SUMMARY: A couple of rounds with insomnia.
CHARACTERS: House, Wilson
RATING: R for language and themes (gen fic).
WARNINGS: Details the aftermath of events in Bad Company, a rough, violent story. Aftermath isn't always pretty; may distress some readers. Adult themes and adult language.
DISCLAIMER: Don't own 'em. Never will.
NOTES: The pieces of this shattered story are numbered. The first number signifies the number of days that have elapsed since the original event in Bad Company; the second number signifies when the fic occurs during that day.
The Value of Things
Martin causes nightmares every time he shows up, but it's never been this bad before. Not even when House was a kid, after he had learned firsthand that this, his supposed best friend, had a fathomless, lightless abyss where he should've had a soul.
House doesn't even remember the dream. All he knows is that he wakes with a violent start, sick with anger and fear. It's no stretch to imagine what must've happened.
As if that weren't enough, it feels like someone's tightening a tourniquet around his leg. He's going to lose a couple hours' sleep, but that's just as well. If he drifted off now, the nightmare would reclaim him. His pills are on the nightstand; he takes two. He'd like to wait for the constricting pain to ease from his thigh before he moves.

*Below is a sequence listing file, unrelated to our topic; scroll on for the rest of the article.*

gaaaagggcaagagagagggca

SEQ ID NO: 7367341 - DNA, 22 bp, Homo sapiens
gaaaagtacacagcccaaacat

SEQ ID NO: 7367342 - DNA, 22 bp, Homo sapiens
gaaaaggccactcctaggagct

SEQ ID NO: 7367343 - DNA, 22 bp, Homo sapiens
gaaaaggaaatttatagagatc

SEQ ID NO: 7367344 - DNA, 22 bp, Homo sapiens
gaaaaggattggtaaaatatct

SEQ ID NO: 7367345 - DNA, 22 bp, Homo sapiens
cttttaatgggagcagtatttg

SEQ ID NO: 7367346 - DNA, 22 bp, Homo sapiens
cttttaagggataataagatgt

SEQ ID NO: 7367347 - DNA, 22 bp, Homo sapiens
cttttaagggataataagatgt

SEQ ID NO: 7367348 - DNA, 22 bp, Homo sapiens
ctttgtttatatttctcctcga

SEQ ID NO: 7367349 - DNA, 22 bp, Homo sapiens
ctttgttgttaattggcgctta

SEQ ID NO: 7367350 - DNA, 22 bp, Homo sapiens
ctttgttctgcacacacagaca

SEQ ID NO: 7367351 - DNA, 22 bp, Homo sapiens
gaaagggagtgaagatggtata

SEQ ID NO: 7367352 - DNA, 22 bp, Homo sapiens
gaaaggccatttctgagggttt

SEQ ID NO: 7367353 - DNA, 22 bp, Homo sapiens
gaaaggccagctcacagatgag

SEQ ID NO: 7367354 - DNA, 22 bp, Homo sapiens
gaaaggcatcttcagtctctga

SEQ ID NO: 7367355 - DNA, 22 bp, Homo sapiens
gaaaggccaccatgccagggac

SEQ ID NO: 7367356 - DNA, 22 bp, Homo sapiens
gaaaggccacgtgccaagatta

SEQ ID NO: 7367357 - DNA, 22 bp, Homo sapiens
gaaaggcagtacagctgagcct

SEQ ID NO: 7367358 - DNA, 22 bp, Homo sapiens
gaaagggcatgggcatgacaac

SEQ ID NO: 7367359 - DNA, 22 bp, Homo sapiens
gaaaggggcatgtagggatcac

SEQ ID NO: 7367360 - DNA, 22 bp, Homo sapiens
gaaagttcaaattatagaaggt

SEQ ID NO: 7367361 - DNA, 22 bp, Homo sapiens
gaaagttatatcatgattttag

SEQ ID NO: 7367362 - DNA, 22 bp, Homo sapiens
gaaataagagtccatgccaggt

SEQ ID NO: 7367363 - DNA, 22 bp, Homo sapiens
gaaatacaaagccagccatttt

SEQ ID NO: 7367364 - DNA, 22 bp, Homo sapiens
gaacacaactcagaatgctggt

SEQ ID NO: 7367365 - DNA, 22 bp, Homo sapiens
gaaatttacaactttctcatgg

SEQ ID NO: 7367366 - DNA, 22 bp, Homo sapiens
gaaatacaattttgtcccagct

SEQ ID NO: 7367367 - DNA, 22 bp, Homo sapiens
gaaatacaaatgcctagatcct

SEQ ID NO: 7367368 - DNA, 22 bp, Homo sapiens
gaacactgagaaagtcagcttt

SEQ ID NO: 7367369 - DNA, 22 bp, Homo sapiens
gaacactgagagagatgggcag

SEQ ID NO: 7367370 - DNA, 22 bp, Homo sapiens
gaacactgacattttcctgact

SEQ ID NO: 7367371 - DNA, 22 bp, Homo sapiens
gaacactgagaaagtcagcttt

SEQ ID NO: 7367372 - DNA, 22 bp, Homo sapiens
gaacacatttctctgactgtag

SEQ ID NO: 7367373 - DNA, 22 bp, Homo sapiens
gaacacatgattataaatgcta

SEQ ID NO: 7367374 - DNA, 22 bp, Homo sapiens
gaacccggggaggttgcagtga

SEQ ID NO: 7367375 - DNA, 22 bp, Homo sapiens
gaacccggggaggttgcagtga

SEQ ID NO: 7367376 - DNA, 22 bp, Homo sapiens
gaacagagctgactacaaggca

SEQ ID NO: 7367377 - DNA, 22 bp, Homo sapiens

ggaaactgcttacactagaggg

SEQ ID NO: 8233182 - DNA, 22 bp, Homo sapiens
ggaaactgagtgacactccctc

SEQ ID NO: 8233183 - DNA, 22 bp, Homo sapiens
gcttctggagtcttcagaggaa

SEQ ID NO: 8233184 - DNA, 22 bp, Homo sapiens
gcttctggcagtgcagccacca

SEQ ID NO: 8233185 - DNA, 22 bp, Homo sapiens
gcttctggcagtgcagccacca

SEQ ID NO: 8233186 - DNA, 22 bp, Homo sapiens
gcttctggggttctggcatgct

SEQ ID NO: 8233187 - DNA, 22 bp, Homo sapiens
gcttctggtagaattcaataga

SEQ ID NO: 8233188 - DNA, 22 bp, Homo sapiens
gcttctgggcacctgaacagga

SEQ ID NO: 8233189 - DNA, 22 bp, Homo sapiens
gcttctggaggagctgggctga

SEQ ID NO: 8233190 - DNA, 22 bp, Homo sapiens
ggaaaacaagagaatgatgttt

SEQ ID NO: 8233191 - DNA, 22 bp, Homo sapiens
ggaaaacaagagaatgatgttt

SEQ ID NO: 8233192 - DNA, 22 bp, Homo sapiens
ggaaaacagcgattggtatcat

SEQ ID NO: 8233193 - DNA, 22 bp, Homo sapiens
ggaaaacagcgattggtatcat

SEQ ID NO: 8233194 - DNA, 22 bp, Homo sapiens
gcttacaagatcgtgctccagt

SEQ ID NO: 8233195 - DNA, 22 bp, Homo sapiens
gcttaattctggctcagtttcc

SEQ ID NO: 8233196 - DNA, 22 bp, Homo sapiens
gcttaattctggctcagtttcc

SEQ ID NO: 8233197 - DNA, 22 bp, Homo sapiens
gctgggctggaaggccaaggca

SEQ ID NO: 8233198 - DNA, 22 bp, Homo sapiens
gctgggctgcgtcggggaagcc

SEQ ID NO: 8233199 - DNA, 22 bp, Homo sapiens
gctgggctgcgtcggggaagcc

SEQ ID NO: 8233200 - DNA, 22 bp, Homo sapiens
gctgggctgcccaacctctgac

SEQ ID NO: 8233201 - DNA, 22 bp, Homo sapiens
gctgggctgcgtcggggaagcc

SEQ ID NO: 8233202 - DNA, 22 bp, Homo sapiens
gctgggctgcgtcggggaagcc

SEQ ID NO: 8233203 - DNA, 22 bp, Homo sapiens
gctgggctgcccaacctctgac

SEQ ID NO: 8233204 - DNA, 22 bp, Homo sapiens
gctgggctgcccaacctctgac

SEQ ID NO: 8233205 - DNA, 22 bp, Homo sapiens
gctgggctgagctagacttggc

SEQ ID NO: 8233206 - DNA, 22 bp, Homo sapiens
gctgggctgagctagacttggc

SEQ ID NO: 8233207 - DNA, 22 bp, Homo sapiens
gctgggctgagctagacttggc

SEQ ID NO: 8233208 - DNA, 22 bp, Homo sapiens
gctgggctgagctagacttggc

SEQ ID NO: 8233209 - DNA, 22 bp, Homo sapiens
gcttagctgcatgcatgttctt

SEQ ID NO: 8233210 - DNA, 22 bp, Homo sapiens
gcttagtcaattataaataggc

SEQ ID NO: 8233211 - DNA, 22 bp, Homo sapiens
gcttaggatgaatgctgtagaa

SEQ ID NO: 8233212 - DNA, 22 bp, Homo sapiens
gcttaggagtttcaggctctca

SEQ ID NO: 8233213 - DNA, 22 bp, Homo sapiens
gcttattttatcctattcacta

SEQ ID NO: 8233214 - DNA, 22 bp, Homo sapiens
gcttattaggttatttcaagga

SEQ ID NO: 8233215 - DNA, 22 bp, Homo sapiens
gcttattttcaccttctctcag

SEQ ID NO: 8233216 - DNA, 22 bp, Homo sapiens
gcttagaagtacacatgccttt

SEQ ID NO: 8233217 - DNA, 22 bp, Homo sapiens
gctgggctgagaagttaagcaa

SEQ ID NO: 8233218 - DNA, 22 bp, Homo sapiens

He's not going to wait, though. He's going to make sure Wilson's okay.
It's stupid and paranoid, but it's how he is now. He can either check on Wilson, or allow his own imagination to twist him into knots until morning. Martin's still out there, way too close, and if he wants to come in, he'll find a way.
There's a weight in House's chest, a lead blanket on his shoulders, that won't lift until he makes certain. No point fighting it; he's tried before. He only hopes Wilson won't catch him.
House makes his way softly into the living room, his body sharply protesting every step. It's dark, but he can see quite well in the diffuse yellow light that comes from above the kitchen range. The first wave of relief comes when he gets close enough to see that Wilson's breathing, the slow, shallow breaths of deep sleep. He appears to be fine, but House saw Martin out for an evening stroll earlier, while they were driving. The nightmare, whatever it was, is still hanging on in the back of his mind, in the inside of his ribs. He has to know.